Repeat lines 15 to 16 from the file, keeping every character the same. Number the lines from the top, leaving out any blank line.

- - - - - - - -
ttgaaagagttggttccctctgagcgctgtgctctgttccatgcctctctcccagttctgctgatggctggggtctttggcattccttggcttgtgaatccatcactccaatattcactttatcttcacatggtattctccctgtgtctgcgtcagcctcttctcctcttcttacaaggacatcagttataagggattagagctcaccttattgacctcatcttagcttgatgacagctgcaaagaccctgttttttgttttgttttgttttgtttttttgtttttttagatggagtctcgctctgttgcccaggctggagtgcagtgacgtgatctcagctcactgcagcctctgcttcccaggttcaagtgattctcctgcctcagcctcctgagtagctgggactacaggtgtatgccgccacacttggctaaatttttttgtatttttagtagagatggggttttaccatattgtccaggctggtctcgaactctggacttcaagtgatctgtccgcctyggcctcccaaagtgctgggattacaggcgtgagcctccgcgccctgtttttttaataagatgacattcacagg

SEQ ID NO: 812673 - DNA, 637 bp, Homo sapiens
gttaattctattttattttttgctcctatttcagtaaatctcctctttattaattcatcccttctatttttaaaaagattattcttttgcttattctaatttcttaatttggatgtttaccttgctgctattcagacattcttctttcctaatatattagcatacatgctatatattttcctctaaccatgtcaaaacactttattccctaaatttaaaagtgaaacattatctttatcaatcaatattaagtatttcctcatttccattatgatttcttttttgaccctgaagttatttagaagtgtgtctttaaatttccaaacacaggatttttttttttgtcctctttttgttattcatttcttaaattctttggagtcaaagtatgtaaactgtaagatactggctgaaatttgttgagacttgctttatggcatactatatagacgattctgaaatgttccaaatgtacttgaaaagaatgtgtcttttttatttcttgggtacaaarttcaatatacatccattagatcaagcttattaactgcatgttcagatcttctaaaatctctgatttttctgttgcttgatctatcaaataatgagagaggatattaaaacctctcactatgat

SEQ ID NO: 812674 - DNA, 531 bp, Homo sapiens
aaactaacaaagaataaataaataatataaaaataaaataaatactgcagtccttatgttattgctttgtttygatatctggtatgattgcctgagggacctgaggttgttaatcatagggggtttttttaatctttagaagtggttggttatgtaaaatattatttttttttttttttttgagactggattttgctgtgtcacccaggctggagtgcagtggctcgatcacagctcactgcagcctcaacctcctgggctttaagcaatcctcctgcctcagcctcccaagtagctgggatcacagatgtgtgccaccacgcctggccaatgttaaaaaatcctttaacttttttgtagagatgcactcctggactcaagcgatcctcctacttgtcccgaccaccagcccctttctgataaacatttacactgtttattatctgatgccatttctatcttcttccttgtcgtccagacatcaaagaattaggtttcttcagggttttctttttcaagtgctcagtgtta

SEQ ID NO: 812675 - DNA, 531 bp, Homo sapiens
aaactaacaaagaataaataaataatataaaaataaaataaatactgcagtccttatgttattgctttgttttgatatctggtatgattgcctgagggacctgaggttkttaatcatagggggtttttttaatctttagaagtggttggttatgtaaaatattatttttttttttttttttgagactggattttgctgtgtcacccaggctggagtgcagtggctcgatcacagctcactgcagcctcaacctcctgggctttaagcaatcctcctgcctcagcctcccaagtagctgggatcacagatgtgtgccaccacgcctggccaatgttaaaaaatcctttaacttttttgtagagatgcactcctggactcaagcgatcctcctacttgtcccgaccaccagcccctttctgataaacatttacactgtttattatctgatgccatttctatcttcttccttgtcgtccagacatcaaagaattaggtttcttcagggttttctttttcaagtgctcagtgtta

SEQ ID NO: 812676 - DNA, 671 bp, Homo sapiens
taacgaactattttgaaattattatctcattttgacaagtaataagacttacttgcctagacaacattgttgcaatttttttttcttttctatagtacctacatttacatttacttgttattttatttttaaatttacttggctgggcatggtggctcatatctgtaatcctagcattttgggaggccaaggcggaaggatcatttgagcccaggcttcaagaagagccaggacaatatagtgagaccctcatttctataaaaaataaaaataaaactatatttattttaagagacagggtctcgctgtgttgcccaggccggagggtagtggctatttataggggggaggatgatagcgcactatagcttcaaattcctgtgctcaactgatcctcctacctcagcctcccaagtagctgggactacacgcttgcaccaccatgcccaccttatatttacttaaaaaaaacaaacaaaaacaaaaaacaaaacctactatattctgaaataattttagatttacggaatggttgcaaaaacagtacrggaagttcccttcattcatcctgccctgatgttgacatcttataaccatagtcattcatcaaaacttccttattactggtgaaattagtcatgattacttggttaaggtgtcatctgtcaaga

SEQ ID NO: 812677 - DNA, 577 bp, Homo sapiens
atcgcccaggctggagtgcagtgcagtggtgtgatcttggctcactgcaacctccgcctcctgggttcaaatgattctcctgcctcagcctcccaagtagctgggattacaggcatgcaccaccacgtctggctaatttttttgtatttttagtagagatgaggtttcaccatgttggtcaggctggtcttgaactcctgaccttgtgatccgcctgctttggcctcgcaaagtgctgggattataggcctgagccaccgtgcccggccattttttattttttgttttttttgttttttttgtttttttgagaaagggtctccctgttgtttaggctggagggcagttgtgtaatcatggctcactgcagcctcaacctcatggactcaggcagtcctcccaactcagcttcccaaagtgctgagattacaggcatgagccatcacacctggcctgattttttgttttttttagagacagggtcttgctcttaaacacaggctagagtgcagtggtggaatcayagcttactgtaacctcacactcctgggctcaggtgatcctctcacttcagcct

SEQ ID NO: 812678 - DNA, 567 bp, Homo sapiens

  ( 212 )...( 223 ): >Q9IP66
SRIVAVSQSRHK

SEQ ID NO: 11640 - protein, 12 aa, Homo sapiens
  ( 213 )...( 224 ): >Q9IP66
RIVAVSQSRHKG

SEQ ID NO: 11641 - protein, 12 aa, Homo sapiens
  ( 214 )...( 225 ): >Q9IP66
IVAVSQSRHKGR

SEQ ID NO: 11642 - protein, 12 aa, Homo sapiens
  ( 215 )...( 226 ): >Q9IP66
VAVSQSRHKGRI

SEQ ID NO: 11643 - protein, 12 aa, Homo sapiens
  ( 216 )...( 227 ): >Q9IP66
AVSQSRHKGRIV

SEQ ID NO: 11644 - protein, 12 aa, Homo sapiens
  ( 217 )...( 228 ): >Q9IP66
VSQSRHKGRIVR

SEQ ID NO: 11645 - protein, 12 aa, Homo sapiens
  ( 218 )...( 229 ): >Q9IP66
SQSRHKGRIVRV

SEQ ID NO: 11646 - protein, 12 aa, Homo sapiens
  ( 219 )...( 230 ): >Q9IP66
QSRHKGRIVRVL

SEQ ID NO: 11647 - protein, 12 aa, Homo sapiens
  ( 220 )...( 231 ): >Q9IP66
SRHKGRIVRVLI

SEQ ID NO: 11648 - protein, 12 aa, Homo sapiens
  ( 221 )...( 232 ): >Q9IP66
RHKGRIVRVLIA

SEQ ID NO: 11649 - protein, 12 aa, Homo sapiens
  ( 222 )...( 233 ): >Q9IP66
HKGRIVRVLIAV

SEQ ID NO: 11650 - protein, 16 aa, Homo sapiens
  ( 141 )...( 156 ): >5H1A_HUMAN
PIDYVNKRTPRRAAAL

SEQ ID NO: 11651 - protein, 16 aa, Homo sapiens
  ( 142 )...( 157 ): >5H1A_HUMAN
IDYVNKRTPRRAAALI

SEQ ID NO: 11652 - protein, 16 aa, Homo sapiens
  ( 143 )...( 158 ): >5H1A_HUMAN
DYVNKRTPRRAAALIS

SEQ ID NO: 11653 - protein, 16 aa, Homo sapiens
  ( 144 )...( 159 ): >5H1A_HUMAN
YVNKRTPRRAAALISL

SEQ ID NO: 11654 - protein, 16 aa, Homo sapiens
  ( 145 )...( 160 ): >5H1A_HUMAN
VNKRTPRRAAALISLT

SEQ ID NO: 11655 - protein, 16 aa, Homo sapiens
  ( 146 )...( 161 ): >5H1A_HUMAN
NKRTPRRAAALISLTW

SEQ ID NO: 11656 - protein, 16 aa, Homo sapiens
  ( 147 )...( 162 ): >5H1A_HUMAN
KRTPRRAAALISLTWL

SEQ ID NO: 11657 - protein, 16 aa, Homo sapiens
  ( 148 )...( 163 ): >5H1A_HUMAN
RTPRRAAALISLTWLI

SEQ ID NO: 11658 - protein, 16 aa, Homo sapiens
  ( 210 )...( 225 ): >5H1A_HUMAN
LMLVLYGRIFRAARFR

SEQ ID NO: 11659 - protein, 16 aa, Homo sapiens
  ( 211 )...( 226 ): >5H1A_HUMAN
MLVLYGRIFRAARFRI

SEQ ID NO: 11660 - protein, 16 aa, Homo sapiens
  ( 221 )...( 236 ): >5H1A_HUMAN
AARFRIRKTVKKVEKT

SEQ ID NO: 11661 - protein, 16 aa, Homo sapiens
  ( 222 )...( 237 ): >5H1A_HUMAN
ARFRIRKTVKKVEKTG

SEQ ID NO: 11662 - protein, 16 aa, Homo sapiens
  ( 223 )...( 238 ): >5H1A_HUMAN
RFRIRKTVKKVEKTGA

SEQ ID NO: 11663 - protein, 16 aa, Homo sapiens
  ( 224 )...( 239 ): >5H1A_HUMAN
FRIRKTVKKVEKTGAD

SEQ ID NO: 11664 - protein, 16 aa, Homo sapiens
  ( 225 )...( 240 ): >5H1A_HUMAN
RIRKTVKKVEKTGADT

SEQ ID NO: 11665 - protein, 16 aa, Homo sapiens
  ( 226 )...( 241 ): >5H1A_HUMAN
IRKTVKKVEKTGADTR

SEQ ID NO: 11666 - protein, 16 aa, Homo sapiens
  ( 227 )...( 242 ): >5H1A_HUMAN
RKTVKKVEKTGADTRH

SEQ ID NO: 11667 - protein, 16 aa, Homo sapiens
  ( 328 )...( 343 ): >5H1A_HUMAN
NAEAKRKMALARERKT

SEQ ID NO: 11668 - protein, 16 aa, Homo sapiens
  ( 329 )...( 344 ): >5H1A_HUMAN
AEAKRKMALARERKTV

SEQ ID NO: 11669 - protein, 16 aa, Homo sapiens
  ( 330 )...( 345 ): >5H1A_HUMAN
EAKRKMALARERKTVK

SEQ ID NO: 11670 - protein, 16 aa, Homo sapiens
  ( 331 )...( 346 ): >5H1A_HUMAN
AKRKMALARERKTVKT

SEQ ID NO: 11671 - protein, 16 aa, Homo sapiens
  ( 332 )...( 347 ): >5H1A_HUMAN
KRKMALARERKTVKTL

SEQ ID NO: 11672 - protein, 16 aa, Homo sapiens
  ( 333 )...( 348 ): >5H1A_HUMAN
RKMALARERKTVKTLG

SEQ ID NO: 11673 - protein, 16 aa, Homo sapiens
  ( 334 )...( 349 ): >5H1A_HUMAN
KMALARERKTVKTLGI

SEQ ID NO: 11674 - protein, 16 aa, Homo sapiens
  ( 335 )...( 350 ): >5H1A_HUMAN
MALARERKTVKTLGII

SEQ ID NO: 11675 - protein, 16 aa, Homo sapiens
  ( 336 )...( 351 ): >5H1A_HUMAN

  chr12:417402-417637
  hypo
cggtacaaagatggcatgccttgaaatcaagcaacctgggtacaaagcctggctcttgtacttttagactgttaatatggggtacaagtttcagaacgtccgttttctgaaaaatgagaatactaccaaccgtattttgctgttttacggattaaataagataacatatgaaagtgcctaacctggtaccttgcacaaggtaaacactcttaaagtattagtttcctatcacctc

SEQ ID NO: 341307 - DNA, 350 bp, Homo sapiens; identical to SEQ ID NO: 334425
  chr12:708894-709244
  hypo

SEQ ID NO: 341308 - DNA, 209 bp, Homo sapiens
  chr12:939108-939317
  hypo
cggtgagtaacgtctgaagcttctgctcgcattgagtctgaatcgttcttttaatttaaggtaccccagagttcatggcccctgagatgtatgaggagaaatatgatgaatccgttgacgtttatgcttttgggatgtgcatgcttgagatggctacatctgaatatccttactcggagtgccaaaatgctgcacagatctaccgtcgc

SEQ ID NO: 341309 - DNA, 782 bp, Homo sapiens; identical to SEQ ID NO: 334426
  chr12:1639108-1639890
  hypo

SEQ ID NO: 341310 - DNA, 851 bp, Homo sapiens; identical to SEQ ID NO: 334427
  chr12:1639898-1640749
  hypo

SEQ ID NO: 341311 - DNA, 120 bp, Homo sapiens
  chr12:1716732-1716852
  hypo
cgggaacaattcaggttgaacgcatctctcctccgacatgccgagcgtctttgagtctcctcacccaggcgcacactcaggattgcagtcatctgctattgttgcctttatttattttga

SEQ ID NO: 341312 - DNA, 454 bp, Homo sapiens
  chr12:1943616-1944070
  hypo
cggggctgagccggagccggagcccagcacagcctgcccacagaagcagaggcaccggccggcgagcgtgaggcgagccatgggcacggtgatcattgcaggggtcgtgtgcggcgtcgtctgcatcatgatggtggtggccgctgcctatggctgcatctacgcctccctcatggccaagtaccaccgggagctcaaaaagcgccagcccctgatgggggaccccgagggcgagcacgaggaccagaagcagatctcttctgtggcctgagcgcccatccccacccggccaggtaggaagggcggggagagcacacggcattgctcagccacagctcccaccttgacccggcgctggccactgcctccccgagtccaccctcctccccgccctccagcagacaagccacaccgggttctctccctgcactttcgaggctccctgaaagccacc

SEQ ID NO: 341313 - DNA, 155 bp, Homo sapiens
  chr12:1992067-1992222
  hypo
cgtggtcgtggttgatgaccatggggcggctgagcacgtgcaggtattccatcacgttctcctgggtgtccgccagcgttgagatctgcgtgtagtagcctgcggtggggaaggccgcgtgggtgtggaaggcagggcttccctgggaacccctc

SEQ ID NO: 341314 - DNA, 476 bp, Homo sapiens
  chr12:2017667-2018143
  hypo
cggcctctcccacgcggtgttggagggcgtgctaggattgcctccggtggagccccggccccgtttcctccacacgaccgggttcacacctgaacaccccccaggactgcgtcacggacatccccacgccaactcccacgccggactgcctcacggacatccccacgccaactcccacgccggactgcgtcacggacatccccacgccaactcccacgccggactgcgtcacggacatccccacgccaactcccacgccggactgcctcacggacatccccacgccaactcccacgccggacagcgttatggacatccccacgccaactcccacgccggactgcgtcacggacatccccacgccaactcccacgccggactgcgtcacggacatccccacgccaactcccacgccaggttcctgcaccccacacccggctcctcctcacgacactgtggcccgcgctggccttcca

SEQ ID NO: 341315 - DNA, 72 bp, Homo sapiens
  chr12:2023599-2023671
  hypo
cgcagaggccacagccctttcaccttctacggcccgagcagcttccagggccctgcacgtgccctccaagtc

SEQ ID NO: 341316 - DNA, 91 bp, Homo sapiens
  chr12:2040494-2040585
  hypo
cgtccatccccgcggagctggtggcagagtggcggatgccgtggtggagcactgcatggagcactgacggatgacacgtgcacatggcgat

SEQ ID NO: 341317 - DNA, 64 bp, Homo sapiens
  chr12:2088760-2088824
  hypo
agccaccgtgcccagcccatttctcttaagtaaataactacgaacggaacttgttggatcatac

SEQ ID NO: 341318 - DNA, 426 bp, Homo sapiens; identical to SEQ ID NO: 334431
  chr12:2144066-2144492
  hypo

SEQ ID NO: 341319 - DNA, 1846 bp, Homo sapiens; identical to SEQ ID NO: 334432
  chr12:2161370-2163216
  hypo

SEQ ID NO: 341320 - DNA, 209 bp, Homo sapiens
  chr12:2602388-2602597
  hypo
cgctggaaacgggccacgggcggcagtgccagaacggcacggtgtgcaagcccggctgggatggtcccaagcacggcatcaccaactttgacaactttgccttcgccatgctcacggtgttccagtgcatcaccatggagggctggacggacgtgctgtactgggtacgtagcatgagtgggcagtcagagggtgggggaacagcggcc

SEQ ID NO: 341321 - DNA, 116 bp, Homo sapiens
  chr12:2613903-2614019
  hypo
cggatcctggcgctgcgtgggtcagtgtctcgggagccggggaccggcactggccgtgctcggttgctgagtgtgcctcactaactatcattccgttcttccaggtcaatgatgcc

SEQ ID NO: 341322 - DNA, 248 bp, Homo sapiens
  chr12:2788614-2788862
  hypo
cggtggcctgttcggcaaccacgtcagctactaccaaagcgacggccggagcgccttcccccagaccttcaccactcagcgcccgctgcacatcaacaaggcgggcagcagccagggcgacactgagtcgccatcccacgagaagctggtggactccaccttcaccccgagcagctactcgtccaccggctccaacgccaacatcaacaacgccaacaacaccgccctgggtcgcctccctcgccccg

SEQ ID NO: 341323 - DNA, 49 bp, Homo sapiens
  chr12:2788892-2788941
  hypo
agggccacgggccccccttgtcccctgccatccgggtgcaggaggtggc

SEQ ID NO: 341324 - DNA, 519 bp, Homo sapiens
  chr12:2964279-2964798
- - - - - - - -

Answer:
SEQ ID NO: 11640 - protein, 12 aa, Homo sapiens
  ( 213 )...( 224 ): >Q9IP66